Once again I am abandoned, or at least that’s how it feels. It was good for a while; I lived in Grodno for at least two years. But then, during a lesson, we were attacked by German fighter plains. The class was forced to evacuate, but in all the confusion I was left behind … to rot on the streets. I can still remember the last thing I heard before the city was bombed. “Communism is beautiful,” Inna had said. It was a strange thing to say, but it stuck with me. I don’t know why. Anyway, I have returned to Germany. I was picked up by German troops while lying next to the road. And so, and I am not proud of this, I posed as a pureblood German. What else was I to do? They would kill me without question had they known of my Jewish origins. In fact they almost did, I am going to have to watch myself if I want to keep my head. The only reason I did was for my translating skills. Stalin’s son was also caught by the German’s, but refused to talk. Due to my knowledge of the Russian language I proved useful in translating. The German’s then decided to keep me around. So I was taken to the commander, and it was decided that I was to stay with the Wehrmarcht. There has been some close calls, and my Jewish origins were almost realized when Zenek, a student from the Grodno orphanage, called me a Jew in front of the other officers. I slapped him and he fled. The German’s ran him over in a car, killing him. A young boy died because of me. He may have been nasty and rude, but he was still just a boy. Did he deserve death so I wasn’t caught? I am beginning to feel guilt for neglecting my beliefs. I had a strange dream a few nights ago: Hitler and Stalin were dancing together, while my father lay on his hands and knees. It was like he was slipping away, along with everything I believed in. I am careful when I shower and go to the toilet, so as not to reveal to the other soldiers that I am circumcised. Yesterday was my birthday (the same date as Hitler). I turned 16. I was called before Captain Von Lerernau. A nice man, but he said something very disturbing to me, “Our enemies are not the English, or the French, or even the Russians. They are the Jews. This is our Jewish War; our Holy War.” I was very frightened by these words. But I have now learnt that the Jews will be sent to Madagascar or Siberia. Hopefully they will be safe there. Hopefully my family will be safe. I am going out with the German’s as a soldier-in-training today; I hope I won’t have to fight.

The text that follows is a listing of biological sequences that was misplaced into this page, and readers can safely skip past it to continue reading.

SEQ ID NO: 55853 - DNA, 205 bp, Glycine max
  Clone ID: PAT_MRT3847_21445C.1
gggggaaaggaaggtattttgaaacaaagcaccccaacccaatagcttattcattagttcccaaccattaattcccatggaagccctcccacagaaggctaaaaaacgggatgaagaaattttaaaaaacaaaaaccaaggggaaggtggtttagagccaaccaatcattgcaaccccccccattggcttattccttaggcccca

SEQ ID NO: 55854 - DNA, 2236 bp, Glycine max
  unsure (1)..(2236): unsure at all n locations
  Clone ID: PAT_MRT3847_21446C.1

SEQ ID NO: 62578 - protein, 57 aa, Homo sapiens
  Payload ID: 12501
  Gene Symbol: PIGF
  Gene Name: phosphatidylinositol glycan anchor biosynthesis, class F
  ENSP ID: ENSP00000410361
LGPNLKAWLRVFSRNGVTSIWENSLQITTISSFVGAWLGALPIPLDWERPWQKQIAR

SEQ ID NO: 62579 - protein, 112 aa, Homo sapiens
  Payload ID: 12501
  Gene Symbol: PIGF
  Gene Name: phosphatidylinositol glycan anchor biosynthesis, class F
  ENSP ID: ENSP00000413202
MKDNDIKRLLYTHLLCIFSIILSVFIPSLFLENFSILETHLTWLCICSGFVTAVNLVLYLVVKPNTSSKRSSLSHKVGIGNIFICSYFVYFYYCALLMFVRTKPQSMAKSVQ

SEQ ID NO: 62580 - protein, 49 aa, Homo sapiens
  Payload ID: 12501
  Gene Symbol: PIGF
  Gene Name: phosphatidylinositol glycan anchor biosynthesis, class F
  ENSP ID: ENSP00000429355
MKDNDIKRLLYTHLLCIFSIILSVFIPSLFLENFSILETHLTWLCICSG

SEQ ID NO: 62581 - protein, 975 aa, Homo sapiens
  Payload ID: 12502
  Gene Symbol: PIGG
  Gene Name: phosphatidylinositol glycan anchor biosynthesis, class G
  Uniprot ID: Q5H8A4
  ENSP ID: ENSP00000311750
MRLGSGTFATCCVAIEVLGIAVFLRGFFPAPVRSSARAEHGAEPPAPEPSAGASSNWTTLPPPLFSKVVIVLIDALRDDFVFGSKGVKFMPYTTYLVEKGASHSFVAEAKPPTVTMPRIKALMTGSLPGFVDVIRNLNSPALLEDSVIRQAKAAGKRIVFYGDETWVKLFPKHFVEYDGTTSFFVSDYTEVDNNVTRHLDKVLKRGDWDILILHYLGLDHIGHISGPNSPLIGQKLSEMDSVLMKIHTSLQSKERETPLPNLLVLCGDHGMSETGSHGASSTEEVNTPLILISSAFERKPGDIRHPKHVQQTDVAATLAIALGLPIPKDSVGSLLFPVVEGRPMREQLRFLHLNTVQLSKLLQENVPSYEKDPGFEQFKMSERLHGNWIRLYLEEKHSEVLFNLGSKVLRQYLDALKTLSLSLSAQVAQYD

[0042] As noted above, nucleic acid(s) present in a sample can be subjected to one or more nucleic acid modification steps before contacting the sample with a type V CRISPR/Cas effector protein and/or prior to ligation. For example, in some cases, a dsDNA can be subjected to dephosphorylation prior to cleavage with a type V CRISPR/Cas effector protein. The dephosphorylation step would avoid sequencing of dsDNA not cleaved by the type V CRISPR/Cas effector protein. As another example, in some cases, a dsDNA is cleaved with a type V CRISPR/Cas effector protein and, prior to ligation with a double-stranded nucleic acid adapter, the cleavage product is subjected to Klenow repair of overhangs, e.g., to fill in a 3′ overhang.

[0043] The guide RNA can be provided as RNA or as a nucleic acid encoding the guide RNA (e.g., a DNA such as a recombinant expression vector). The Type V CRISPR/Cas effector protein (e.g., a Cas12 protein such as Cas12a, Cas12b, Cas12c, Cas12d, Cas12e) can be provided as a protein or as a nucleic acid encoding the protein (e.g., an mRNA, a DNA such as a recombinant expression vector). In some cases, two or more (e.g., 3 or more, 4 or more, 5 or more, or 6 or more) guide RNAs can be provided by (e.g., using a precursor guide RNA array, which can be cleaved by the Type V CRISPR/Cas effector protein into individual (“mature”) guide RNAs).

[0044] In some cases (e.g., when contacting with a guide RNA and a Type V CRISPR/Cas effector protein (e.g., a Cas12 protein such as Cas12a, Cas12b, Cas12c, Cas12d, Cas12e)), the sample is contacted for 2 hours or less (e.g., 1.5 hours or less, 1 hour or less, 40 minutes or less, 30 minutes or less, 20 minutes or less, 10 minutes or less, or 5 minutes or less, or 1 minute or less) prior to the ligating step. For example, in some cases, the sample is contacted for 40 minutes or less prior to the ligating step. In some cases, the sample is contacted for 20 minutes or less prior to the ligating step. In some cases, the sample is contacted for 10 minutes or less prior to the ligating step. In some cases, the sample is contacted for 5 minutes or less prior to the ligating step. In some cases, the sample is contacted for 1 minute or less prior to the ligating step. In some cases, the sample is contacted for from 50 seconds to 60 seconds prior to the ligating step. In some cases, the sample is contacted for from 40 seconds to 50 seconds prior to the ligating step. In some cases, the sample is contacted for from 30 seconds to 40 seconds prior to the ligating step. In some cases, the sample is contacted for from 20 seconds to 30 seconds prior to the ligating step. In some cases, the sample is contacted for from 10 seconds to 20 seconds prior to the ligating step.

* * *

Dear Diary

I think I saw my mother today. I decided to visit the Ghetto to search for my family, and thought I saw a glimpse of my mother being beaten on the streets. Oh God how I miss my family. I am now part of the Hitler Youth, which I don’t mind. I am becoming a good soldier. I think my stay with the Wehrmarcht helped develop my fighting skills. Still, I so yearn to be Jewish again. I met a gay actor named Robert in the Wehrmarcht. He too had to hide his identity from the Nazi’s. It was so good to find someone who understood what I was going through. He told me how hard it was to pretend to be someone he wasn’t. And I was finally able to open up about my Jewish heritage. We talked about many things, and become good friends. Until one day in the trenches there was a spray of enemy gunfire. Robert was killed … and I was alone again. That’s when Captain Von Lerenau offered to adopt me, and send me to the Hitler Youth. Everyone in the Hitler Youth was given a copy of Mien Kumpf and swore allegiance to Hitler. It is a frightening book to read. It delves into the twisted views and beliefs of Nazism. I’ve made some new friends, and I’ve become good mates with my roommate Gerd. I’ve also become involved with a German girl named Leni. I have to be much more careful about my Jewish origins in the Hitler Youth. I tried to create foreskin, but failed miserably. I almost got caught during a physical examination, but managed to fake a toothache and weasel out of it. I am feeling more and more like a traitor for neglecting my religion and I feel like I have lost my family forever. I dreamt about them last night. They were having Passover and I tried to speak to them … but they ignored me. I have bayonet practice in an hour so I better get ready. I fear this war will never end, and sooner or later I will be caught.

 

* * *

Dear Diary

The war is over! Isaak and I are reunited! The war ended about two weeks ago. The Russians and the Allies moved into Berlin and demanded the unconditional surrender of Germany. The war ended and the Jews were liberated at last. Or at least what was left of them. I was fending of a ground attack by the Soviets when I decided to surrender. My life was spared and I was taken to a checkpoint where Jews had been freed from the concentration camps. The Russians did not believe I was a Jew, and were about to kill me right there and then. But a familiar voice sounded out through the crowd. It was Isaak. He had survived. Which is more than I can say for the rest of my family. Isaak told me about how they were killed off by the Nazi’s in the ghettos, and in concentration camps. Isaak and I are the only two Perel’s left. But at least it’s over. It is so good to be myself again. Isaak and I have been staying up and talking for hours each night. Just talking. We have decided to migrate to Palestine, and then maybe to America. But it doesn’t really matter; we are free at last. Free to dress and to speak and think what we want. Free to live in peace.

Categories: WRITING, Short Stories